St Louis Post-Dispatch photographer, Robert Cohen, explains how he covers Ferguson

A+demonstrator+throws+back+a+tear+gas+container+after+tactical+officers+worked+to+break+up+a+group+of+bystanders+on+Chambers+Road+near+West+Florissant+on+Wednesday%2C+Aug.+13%2C+2014.%0APhoto+by+Robert+Cohen%2C+rcohen%40post-dispatch.com

St. Louis Post-Dispatch

A demonstrator throws back a tear gas container after tactical officers worked to break up a group of bystanders on Chambers Road near West Florissant on Wednesday, Aug. 13, 2014. Photo by Robert Cohen, [email protected]

A demonstrator throws back a tear gas container after tactical officers worked to break up a group of bystanders on Chambers Road near West Florissant on Wednesday, Aug. 13, 2014. Photo by Robert Cohen, rcohen@post-dispatch.com
A demonstrator throws back a tear gas container after tactical officers worked to break up a group of bystanders on Chambers Road near West Florissant on Wednesday, Aug. 13, 2014.
Photo by Robert Cohen, [email protected]

As a staff photographer at the St Louis Post-Dispatch, Robert Cohen has been covering the events surrounding the city of Ferguson since Darren Wilson shot and killed Michael Brown on August 9, 2014. Cohen has agreed to explain how he works, and the issues he encounters while covering the protests.

Dealing with the protesters and the police

Cohen thinks that covering events involving protesters and the police is the “most challenging part of the story.”

 “I have to keep my distance somewhat from both sides of the story,” Cohen said.

When it comes to the protesters, Cohen said that he tries to capture the reality of the events, and doesn’t want to interfere.

“If I get too close to them, then I feel some of their actions are done because I am physically there taking pictures,” Cohen said. “So I have to find a comfort zone where I feel that they are doing what they planned to do, regardless of whether journalists are there or not. That has taken lots of observation and lots of watching without shooting.”

 In order to deal with the police, communication is a key element.

“Whether I feel that I am within my rights to photograph situations, I listen to what they say when I’m being spoken to,” Cohen said. “It is important to me to be on the scene doing my job, not in handcuffs because I got in a disagreement with an officer.”

Cohen explained that there has been “some very heated situations” where he had to express his opinions but he always knew when to leave and “take the road of least resistance” in order to keep working.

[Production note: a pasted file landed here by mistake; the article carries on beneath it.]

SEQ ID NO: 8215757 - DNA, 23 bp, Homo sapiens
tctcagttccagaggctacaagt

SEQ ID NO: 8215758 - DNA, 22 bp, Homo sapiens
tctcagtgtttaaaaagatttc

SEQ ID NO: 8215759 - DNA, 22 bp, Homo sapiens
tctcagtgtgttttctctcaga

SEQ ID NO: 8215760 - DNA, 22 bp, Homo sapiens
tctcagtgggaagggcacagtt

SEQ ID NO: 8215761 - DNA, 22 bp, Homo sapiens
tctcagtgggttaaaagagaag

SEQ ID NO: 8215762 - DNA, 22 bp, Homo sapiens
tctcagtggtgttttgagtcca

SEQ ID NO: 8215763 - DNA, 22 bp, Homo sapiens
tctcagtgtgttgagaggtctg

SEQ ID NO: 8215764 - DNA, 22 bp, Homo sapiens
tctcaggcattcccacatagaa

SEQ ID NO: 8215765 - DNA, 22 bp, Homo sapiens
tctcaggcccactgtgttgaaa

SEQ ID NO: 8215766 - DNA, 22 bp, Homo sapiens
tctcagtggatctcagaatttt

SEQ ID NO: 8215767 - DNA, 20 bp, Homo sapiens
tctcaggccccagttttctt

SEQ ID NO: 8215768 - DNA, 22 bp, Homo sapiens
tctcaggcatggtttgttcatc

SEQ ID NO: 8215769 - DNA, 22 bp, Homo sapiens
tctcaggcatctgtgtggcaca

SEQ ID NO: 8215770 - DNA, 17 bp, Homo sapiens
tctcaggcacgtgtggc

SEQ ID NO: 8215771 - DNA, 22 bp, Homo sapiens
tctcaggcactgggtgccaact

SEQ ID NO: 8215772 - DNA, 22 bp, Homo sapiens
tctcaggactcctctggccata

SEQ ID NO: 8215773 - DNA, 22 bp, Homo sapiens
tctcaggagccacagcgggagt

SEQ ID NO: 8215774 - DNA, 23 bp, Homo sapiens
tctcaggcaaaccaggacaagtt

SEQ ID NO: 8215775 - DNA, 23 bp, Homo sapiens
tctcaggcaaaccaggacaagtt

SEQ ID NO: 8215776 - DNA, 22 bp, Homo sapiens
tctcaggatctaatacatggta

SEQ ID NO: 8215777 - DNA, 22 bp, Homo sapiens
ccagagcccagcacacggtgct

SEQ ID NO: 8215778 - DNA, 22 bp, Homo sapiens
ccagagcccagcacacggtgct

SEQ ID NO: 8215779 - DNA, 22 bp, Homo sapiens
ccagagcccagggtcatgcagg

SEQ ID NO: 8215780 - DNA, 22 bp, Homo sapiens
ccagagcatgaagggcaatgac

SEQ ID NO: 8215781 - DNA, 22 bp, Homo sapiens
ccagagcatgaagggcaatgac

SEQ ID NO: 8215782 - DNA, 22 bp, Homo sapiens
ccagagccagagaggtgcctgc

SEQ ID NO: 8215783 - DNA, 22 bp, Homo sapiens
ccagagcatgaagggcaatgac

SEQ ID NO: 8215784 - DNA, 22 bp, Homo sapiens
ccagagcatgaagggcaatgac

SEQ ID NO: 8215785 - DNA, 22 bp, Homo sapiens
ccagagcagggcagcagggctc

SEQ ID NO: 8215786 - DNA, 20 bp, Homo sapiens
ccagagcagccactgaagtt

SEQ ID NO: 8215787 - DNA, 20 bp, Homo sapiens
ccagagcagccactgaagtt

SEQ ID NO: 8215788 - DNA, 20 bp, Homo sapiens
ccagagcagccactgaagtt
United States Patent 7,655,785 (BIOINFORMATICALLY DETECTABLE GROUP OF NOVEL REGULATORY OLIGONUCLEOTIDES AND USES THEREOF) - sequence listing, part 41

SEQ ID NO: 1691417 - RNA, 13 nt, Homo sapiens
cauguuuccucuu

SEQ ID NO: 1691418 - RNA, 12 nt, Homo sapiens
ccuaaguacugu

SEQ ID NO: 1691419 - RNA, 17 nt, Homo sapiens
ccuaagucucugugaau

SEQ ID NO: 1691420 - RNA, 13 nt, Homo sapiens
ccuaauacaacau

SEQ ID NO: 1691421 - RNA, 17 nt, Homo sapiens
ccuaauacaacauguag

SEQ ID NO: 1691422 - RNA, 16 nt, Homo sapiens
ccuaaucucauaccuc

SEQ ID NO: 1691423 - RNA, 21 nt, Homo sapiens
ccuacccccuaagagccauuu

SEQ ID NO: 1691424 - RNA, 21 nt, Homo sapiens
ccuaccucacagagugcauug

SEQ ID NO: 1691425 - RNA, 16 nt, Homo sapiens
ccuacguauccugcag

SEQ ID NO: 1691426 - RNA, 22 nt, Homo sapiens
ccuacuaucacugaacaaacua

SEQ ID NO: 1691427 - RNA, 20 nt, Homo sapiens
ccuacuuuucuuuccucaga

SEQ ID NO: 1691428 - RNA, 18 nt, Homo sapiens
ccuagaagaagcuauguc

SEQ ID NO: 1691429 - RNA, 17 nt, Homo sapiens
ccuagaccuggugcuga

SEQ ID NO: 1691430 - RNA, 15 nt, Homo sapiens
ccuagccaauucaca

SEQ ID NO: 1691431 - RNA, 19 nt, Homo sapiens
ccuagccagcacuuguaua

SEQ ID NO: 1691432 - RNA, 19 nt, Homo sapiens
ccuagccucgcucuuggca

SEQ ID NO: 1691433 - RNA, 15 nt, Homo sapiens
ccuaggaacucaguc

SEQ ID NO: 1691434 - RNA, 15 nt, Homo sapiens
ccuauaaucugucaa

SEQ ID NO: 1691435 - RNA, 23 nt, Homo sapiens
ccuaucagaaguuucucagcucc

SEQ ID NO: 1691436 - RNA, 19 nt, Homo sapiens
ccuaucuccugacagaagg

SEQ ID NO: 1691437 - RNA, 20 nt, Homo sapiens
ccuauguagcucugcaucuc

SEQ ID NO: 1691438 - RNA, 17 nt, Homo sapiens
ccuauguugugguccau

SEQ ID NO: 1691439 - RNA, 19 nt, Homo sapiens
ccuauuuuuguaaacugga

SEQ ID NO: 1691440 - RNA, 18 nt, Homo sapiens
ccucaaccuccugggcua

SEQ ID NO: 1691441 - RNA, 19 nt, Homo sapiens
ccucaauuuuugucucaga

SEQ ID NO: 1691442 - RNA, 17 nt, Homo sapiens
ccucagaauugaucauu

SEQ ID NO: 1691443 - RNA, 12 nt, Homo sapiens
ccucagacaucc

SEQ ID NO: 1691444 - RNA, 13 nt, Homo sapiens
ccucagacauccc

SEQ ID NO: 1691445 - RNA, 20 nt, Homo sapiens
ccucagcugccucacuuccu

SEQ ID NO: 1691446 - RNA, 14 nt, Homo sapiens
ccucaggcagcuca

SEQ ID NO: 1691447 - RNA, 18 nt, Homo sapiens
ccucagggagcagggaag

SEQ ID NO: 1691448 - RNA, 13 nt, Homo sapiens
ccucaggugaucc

How to deal with the possibility of violence

“Because emotion is always very high, and because of gunfire and that some of my colleagues have been assaulted, I do some things differently when I am covering the protests,” Cohen said. “I am usually wearing a bulletproof vest under my clothes. If necessary I also have a helmet and gas mask, though I’ve used neither extensively.”

With his experience and the possibilities of protests to get out of hand, Cohen said that he has learned how to be more careful.

“I am very strategic about where I park my car. If I need to get in and out of areas, I can’t take the chance of being blocked in by other cars,” Cohen said. “My car is my office. It is where I retreat to when I need to send pictures to the newspaper. So in short, I’m very aware of my surroundings. “

Compelling images vs. conveying the information: The photojournalist issue

The most important to me is to convey information to the reader. At the same time I want to capture photographs that are interesting to look at, something that grabs your attention,” Cohen said.

As a photojournalist, Cohen faces the issue of conveying the information in appealing images.

“Much of the result of that is just my particular style. I am drawn to moments, to action, to graphics,” Cohen said. “Through much of this coverage, there hasn’t been much choice in seeing background information. It is much more about moment-driven journalism.”

When the moment is right, Cohen knows what to do to get the image he wants.

“When I do see a situation where a step to the right or a step to the left helps compose the image better, or helps remove distracting background elements, I do that,” Cohen said.

Cohen and the other photographers of the St Louis Post-Dispatch have been nationally recognized for their coverage of “Ferguson.” When the Pulitzer Prize nominees will be announced, the photographs taken by Cohen and his colleagues could be there, which is amusing knowing that Joseph himself found the Post-Dispatch.